Math 4171 – Topology I (Fall 2020)

This syllabus is a work in progress! I may add more details as we get closer to the beginning of classes.

Section information

  • Class time and location: Tuesdays & Thurdays from 10:00AM to 11:20AM in Brown 100 and online (hybrid)
  • Office hours: Fridays from 5:00PM to 7:00PM (and Thursdays during class time.)


This is an introduction to the fundamental ideas and results in Point Set Topology, with an emphasis on metric spaces. (A “space” is simply a set with additional mathematical structure provided to it. Thus, in mathematics, we talk about “vector spaces,” “measure spaces,” “topological spaces,” etc.) The language of topology pervades much of modern mathematics and some of the theorems we are going to learn are required for the more advanced courses in both pure and applied mathematics you are likely to take in the near future. Among the main topics, we will study: metric and topological spaces, product and quotient spaces, the general notions of continuity and convergence, connectedness, compactness, the Hausdorff property, Baire category, and the various theorems related to these notions. One way to think about this first course in Topology is that it extends certain notions that are familiar from calculus into much more general settings. This generality is important, particularly in areas such as mathematical analysis, where we need to apply concepts like convergence and continuity to infinitely dimensional function spaces, or spaces that are less familiar than the n-dimensional coordinate space of calculus. This course is also the foundation for Topology II, where you will explore the global structure of topological spaces with the aid of algebraic methods.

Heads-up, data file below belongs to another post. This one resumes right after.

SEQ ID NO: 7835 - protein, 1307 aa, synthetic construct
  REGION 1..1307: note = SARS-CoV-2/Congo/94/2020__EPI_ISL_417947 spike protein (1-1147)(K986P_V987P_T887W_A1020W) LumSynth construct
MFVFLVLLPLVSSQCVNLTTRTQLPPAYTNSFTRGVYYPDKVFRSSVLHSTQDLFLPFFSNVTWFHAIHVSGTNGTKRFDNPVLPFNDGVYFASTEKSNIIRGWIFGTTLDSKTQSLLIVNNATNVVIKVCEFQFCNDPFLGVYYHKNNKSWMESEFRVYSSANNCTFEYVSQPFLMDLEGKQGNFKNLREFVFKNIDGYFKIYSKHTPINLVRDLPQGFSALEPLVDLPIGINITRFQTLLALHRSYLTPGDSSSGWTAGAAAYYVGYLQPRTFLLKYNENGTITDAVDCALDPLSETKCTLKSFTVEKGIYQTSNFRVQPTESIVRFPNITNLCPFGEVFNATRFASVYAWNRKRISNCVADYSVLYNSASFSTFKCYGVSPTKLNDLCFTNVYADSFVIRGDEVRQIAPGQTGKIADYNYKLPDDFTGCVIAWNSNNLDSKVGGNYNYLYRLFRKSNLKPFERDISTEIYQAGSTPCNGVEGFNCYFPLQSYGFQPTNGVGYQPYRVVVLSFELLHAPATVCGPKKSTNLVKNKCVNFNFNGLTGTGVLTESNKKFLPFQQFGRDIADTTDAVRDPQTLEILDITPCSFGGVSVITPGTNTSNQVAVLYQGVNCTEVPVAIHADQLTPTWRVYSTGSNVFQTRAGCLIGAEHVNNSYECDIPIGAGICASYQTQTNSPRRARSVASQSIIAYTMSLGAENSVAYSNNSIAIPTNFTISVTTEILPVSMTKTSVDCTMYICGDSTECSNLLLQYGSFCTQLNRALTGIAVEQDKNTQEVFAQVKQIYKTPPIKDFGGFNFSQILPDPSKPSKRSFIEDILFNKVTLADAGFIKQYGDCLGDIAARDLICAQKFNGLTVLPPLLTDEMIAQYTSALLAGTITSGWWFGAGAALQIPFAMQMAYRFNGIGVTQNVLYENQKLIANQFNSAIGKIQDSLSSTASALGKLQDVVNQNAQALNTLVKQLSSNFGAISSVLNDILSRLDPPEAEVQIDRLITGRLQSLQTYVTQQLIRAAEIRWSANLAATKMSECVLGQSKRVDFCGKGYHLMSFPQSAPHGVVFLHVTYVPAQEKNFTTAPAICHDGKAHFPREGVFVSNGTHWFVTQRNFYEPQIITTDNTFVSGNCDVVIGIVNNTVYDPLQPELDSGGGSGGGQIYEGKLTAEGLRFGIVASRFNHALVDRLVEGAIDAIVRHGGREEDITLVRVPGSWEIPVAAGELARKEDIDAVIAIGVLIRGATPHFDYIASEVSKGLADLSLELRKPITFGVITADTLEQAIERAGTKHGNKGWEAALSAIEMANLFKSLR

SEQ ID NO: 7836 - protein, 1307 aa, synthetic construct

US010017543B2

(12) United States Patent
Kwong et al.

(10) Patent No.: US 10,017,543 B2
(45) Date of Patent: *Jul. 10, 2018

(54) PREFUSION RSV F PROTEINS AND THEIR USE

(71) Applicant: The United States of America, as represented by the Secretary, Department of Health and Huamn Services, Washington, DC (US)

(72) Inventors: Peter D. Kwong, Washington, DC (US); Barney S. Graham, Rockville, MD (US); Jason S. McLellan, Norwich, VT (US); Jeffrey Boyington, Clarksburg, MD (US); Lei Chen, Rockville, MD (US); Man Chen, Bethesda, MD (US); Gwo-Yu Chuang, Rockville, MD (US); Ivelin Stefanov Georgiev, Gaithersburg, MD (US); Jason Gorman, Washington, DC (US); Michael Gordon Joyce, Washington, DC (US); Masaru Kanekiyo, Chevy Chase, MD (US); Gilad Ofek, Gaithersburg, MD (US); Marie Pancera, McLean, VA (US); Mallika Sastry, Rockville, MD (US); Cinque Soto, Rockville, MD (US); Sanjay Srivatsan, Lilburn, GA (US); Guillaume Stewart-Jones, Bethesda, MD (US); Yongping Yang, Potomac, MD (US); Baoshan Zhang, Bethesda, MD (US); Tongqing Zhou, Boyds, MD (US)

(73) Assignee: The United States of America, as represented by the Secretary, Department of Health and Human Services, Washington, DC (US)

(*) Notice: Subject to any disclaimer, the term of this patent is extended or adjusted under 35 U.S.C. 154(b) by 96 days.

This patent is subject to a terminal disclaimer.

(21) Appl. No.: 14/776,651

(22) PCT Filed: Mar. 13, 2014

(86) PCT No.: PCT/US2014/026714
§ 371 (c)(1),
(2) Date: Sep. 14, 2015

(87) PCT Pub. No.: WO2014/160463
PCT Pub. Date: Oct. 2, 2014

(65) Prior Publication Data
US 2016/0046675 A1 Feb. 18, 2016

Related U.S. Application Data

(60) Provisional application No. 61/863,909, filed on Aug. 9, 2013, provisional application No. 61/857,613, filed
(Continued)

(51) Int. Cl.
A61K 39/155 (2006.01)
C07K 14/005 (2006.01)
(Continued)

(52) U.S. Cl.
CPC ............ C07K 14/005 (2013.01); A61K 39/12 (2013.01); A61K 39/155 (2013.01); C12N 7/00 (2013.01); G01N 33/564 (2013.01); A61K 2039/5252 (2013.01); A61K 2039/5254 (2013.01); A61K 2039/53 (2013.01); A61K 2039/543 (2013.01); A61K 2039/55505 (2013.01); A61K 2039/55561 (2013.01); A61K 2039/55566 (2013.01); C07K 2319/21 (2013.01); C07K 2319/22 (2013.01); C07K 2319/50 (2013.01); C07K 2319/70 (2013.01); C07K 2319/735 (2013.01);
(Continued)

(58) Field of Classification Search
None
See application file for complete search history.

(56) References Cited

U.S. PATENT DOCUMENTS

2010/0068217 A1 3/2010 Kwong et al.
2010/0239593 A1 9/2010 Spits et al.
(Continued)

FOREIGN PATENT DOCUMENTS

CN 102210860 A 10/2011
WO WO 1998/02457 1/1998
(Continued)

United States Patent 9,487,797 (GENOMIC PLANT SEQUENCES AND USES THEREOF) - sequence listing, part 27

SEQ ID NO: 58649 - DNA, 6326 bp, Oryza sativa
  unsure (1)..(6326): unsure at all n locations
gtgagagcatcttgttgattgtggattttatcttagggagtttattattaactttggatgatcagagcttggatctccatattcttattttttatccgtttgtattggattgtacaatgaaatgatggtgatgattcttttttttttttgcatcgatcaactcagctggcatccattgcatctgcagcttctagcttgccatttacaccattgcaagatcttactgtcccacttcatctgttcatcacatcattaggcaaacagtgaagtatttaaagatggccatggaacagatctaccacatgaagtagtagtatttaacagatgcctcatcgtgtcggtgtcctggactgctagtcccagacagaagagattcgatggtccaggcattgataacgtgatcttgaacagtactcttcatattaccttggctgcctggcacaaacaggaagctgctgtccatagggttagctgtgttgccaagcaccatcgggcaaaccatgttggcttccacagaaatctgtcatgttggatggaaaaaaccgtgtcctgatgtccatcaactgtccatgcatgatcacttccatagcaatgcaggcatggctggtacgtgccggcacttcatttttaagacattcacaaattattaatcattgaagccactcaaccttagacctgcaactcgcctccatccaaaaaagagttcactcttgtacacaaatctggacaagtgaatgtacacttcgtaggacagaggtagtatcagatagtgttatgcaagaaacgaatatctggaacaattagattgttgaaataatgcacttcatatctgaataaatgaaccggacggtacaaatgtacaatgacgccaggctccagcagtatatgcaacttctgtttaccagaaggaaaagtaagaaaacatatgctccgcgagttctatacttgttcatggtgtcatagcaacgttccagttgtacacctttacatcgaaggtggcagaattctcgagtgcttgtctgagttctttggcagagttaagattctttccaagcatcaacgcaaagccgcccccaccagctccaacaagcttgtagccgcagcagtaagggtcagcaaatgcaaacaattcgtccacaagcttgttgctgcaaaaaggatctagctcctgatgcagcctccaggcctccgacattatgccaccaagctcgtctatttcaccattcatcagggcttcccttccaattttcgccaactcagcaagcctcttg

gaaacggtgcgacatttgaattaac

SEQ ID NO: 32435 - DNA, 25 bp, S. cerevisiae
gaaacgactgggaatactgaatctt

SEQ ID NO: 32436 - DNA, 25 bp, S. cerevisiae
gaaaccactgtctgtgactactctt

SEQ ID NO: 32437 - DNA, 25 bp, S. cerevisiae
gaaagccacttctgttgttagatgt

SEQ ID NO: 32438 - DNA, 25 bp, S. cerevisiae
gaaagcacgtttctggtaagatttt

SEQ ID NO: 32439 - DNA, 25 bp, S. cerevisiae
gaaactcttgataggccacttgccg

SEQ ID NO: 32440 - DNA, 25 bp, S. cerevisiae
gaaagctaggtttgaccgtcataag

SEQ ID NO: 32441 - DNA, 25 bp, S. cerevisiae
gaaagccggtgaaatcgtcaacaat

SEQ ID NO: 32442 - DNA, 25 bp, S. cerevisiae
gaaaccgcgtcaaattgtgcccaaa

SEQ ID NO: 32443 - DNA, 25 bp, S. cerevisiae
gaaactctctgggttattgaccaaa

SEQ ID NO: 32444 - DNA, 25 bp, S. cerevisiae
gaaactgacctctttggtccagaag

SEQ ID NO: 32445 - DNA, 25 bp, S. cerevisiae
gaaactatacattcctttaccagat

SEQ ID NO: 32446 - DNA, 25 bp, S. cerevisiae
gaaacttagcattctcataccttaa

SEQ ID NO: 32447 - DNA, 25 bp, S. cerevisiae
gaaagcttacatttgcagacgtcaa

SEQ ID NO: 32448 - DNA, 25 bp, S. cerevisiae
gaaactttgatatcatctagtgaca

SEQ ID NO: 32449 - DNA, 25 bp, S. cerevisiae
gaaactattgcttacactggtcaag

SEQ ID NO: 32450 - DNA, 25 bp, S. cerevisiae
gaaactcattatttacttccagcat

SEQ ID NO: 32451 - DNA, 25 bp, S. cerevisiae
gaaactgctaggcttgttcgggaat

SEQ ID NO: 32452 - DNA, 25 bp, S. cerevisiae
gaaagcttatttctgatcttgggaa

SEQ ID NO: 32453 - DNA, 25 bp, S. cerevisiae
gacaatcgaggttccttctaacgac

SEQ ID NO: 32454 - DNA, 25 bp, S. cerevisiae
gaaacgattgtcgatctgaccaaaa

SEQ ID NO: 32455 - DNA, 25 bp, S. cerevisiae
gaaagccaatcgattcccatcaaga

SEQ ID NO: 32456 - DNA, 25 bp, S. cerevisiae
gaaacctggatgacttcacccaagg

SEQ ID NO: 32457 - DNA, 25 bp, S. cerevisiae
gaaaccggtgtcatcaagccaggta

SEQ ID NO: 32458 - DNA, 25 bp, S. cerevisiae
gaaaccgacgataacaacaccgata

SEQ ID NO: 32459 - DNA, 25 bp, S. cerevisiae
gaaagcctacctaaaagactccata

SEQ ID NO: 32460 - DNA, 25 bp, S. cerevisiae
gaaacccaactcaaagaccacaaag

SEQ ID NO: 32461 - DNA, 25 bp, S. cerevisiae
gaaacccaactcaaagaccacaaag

A Course in Point Set Topology by John B. Conway, Spring, 2014.

You can download the book’s pdf from this Olin Library link.

Course plan

Given the exceptional circumstances in which we are all living, we’ll have to be flexible about plans and how we implement them (both on the instructor’s and on the students’ side). But the basic idea is this:

  • The course will be structured around weekly homework sets. I expect we will have no more than 11 of them. (The one with the lowest grade will be dropped.) There is also one final exam which will be in most respects similar to a homework assignment (open notes and “take home”), except that it will be more inclusive in content. (I’ll call it the Final Homework. It cannot be dropped.) I plan to have the assignments available over the weekend, with a deadline set for late Friday; solutions will be available sometime over the weekend. (Although I won’t set penalties for late assignments, they won’t be accepted at all once the solutions are posted.) Assignments will be submitted and graded through Crowdmark.

  • I plan to have lectures about the topic of the week recorded for (asynchronous) viewing relatively early in the week. In these lectures I’ll point out the parts of the textbook that are required reading (from John Conway’s text). On Tuesdays’ class, we will have discussions (jointly with the in person students and those attending via Zoom). These discussions will be about the content of the recorded lectures and the textbook’s assigned reading, with a particular focus on what is needed for the week’s homework assignment. As of now, I do not intend to record class meetings (due to privacy concerns), but this may change if there is strong preference for it.